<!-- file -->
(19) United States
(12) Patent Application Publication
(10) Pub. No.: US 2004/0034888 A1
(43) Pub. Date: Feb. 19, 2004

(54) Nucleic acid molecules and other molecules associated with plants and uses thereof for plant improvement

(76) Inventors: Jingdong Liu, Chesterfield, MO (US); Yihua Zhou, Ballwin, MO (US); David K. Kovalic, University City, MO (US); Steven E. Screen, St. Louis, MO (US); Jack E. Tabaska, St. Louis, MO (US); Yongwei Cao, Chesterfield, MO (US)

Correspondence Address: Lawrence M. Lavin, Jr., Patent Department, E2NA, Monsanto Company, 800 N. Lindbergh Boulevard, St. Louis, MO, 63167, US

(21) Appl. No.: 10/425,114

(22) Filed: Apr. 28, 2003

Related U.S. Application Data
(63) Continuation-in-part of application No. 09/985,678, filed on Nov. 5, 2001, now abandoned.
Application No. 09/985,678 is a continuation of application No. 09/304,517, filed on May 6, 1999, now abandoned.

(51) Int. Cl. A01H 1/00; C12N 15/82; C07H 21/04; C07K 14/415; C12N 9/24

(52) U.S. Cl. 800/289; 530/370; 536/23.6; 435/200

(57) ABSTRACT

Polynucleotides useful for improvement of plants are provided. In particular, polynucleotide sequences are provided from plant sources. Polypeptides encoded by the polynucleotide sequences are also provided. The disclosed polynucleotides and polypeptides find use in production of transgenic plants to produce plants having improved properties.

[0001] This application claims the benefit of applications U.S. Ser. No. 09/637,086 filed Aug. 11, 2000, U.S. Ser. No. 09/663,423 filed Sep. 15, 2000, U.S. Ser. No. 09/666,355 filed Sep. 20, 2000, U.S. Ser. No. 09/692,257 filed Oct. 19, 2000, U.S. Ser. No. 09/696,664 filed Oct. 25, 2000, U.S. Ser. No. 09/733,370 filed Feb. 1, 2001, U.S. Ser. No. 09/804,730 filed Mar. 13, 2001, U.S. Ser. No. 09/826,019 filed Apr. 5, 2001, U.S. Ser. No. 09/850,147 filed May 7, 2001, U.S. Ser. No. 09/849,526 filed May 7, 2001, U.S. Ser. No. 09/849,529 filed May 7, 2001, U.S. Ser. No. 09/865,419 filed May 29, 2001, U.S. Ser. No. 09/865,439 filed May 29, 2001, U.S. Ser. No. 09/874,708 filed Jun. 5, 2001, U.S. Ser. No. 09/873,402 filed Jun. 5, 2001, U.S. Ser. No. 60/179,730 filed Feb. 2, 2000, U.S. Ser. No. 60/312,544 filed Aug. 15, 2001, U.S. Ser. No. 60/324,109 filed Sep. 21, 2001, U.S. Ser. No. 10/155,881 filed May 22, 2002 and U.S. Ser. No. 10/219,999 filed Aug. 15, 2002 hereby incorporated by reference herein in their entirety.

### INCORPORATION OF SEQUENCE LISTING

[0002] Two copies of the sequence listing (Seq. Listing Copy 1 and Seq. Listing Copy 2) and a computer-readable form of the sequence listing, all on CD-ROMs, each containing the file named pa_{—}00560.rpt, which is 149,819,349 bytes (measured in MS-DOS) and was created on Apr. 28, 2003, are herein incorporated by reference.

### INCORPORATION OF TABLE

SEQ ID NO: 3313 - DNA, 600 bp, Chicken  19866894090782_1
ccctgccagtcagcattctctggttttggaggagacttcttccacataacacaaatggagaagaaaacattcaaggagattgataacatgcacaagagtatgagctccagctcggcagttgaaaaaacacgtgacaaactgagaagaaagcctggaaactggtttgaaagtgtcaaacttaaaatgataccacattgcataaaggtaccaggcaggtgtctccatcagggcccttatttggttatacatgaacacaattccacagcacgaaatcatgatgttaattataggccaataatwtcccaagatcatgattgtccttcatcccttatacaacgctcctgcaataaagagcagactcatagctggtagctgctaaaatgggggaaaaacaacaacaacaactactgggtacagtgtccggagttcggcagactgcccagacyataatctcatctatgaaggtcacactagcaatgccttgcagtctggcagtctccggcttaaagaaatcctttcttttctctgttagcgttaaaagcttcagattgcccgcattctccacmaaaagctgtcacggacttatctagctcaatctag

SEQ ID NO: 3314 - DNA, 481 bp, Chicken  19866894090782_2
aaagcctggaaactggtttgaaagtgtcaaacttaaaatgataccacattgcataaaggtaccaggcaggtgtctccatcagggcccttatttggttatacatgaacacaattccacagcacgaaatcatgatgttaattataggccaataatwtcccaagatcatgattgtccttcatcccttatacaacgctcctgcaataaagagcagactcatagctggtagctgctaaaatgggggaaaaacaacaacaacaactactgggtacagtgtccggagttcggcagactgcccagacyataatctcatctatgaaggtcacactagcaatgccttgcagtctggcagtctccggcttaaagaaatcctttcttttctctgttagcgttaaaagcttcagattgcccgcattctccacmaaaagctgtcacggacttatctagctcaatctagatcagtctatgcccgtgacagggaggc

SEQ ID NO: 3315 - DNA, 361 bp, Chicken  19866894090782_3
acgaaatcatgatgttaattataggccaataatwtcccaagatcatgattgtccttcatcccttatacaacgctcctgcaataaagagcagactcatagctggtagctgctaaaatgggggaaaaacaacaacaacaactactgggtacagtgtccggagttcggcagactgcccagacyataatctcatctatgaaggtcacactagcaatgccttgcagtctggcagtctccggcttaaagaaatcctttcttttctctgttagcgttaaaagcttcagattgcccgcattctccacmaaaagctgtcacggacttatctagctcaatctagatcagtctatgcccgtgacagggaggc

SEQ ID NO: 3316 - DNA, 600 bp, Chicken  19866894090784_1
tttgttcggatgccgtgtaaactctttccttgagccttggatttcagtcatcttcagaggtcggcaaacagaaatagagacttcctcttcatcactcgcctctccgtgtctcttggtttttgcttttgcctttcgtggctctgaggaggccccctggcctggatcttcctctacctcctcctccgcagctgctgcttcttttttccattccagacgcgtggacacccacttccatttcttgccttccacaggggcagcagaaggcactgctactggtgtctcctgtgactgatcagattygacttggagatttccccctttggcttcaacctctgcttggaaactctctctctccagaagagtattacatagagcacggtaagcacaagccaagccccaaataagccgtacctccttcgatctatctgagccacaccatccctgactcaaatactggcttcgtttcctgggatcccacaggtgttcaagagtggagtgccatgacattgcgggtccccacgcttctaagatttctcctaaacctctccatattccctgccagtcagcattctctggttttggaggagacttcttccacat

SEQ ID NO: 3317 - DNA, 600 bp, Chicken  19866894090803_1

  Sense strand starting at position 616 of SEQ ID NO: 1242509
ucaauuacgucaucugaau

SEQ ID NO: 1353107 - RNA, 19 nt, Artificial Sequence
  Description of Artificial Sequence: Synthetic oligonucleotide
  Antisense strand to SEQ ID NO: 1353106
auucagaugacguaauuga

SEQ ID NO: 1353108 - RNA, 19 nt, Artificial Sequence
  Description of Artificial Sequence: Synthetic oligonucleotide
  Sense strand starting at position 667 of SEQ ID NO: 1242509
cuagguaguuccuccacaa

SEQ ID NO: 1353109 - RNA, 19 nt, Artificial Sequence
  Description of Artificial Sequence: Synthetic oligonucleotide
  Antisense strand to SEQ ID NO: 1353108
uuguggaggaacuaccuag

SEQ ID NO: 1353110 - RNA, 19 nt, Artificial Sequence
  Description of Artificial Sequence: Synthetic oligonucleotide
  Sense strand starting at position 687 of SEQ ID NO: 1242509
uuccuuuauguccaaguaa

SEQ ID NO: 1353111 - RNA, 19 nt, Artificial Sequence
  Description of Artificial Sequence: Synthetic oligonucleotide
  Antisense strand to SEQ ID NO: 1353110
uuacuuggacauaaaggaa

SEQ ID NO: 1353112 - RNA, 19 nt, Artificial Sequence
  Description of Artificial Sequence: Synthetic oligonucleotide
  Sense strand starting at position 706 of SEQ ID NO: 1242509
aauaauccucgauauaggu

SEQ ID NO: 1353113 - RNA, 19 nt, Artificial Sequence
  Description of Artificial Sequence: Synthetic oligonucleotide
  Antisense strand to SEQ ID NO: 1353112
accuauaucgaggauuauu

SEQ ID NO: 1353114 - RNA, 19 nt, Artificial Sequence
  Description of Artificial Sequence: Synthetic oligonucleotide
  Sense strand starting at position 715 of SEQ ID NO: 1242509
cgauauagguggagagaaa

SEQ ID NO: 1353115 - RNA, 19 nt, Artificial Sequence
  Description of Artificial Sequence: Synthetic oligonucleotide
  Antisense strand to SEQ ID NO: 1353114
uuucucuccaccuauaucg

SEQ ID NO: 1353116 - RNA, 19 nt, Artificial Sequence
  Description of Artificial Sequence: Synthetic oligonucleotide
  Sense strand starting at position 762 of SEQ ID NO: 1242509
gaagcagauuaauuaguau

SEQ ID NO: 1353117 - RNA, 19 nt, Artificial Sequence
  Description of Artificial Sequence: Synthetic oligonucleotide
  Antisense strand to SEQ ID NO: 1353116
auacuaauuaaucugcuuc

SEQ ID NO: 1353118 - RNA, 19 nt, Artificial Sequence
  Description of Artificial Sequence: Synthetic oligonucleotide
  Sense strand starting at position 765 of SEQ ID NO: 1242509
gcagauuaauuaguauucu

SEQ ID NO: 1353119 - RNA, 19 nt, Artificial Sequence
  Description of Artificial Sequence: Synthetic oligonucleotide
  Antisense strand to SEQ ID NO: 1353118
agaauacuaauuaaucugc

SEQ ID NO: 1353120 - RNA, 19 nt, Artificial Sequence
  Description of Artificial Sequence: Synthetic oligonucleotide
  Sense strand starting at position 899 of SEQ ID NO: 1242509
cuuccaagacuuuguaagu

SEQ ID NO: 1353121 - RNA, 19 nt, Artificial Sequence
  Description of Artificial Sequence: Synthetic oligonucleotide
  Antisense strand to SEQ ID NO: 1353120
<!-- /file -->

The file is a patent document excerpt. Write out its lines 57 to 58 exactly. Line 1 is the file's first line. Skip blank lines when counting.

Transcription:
  Description of Artificial Sequence: Synthetic oligonucleotide
  Antisense strand to SEQ ID NO: 1353112